A snap decision at midnight to go to Bradgate Park early the next morning seemed like a good idea. With a 7.45 sunrise, I needed to leave by 6.45, shame I turned the alarm off and woke again at 7.15; this was my first mistake. No problem, although late the light was still good when I arrived.
Not so long ago, I would carry just about every piece of camera gear I owned; on the off chance I’d need it. With a larger library of decent images I no longer bother unless the conditions are exceptional and there’s a chance I’ll achieve something better than I’ve already taken. With an average weather forecast I left the DSLR and 400mm at home and decided to just take the drone and compact 24-70mm camera, just in case there was a landscape worth snapping. This was my second mistake.
I’m losing my memory … cards
With plenty of autumnal colours around me I took to the air, ready to capture it all in 4K goodness. I lined up my first shot, hit record, and the error message pops up, ‘no memory card’ aaaaaargh! No card means no footage, or photos.
It gets worse. As I was landing the drone I noticed a stag behind me that was stood on a outcrop, surveying the park before him. It would have made the perfect shot, if I’d had my 400mm that is. Cursing my poor choice in kit, and quickly remembered the compact camera. It may only stretch to 70mm but there was a good wider shot too, one that took in the landscape the stag was so avidly surveying. I slowly edged towards it, popped up the digital view finder and starting snapping. Moving into various positions for a number of compositions. It wasn’t until I checked the back of the camera that I noticed the words, ‘no memory card’ aaaaargh! – seems the error message doesn’t show up in the view finder.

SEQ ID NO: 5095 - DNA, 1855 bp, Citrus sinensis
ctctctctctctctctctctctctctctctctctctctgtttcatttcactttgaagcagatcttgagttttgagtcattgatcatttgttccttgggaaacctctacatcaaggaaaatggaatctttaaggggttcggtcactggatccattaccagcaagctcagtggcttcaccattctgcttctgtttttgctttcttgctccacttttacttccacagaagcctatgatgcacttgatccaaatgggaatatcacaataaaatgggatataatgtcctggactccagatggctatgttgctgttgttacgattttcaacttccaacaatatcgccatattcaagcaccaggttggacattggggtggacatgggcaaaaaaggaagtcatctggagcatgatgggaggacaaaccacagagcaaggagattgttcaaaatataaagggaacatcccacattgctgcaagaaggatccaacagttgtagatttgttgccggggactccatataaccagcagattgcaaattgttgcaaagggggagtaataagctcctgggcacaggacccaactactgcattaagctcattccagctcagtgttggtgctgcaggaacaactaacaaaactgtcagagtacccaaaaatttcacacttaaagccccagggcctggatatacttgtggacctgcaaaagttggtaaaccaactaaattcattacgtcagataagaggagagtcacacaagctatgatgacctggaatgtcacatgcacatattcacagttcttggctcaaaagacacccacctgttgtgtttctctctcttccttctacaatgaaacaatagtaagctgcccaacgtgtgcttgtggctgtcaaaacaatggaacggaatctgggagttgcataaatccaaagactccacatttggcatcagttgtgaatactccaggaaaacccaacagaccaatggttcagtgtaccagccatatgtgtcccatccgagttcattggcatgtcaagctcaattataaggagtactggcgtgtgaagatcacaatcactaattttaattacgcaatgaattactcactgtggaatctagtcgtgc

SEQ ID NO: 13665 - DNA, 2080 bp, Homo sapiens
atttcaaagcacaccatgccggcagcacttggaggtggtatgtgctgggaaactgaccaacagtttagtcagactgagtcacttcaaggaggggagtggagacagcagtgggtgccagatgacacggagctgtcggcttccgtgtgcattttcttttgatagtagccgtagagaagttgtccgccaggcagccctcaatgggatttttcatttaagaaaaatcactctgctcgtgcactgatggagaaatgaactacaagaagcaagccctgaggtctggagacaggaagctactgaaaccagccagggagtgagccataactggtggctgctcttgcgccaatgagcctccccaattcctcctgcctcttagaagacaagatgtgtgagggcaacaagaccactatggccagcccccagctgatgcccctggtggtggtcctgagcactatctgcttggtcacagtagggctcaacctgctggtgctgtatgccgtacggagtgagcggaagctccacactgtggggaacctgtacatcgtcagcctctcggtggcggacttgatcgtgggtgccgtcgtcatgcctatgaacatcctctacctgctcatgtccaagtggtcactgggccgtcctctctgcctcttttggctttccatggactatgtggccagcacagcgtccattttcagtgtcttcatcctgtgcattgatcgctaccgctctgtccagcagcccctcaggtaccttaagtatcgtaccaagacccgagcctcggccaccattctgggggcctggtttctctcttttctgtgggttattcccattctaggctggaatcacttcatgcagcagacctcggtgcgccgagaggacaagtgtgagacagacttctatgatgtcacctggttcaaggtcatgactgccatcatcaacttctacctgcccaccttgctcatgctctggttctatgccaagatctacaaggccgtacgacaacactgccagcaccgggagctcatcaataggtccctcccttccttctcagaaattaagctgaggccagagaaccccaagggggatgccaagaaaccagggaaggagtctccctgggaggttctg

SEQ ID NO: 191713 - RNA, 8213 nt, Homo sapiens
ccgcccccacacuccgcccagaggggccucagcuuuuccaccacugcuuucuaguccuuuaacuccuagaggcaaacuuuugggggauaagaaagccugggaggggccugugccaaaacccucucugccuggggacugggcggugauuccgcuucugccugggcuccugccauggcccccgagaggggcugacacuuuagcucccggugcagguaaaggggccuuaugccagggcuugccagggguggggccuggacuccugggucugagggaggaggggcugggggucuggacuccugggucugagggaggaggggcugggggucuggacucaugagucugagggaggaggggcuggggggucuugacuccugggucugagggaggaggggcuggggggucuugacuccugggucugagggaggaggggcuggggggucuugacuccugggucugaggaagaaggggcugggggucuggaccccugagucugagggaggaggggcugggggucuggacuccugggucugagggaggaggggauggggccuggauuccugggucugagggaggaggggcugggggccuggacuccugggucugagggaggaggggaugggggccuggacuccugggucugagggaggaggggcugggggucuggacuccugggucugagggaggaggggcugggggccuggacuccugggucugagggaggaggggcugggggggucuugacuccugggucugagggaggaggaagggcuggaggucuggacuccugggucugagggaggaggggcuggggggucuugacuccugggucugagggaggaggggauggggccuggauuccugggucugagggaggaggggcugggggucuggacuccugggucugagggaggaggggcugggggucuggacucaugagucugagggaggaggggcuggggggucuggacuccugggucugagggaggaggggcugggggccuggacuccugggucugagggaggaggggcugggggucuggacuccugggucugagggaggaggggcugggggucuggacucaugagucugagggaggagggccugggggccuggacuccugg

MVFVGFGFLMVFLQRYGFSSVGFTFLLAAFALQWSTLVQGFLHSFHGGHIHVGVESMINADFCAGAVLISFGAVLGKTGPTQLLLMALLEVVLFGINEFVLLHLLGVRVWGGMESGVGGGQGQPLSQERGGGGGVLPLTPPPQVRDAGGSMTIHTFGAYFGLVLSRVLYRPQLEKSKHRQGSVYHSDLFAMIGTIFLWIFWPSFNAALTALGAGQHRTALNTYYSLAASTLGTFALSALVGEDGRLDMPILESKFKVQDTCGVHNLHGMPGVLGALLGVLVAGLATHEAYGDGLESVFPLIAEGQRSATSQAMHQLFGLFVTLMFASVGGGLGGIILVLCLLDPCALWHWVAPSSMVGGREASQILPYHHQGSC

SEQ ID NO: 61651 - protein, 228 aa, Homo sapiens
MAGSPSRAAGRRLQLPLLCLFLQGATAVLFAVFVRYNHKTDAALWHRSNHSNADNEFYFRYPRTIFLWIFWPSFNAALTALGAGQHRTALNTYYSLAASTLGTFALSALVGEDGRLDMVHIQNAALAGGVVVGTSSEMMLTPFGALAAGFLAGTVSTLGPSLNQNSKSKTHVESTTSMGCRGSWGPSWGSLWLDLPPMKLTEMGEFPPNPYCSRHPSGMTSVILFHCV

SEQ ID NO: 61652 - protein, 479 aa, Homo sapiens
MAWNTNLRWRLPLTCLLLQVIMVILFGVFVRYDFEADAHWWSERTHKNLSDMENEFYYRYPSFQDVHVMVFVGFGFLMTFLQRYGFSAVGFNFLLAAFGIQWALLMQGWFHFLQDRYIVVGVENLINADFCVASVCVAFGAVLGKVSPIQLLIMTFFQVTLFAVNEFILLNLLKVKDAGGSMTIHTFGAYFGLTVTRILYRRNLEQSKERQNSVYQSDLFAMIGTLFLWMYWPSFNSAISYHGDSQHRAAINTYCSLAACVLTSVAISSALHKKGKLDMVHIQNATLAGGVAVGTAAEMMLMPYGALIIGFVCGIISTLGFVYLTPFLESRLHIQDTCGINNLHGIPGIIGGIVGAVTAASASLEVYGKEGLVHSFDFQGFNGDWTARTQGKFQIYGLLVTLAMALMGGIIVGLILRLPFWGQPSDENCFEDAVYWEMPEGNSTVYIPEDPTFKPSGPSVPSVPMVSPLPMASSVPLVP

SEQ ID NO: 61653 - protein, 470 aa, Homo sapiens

My third and last option was to use my camera phone (see main image above). Ok, not great, but better than nothing, although after a couple of panoramic shots that crashed, and turned itself off, aaaargh!. “Oh bother” I said, time to give up and just spend the morning watching and forget about photography.
The final blow
I followed the bellows of a stag. By his size I’m pretty sure he’s the park’s biggest. It was shortly after getting close that another large male approached his rutting stand. Then a true fight ensued. I should explain at this point that in the past eight years of visiting the park during the rut, I have never seen stags fight – properly that is. Not sure if I’ve just been unlucky, or it’s not as common as you d think. Either way, it was happening in front of me and all I had to record the moment with was my phone. I took some quick footage then, went back to the binoculars and just enjoyed the moment.
There’s nothing wrong with just enjoying the moment, often the urge to capture the perfect image gets in the way of the experience. But come on, eight years, testosterone fuelled rutting stags before me and no way to properly capture it!
Since this unfortunate morning I’m back to carrying everything but the kitchen sink, plus plenty of extra memory cards!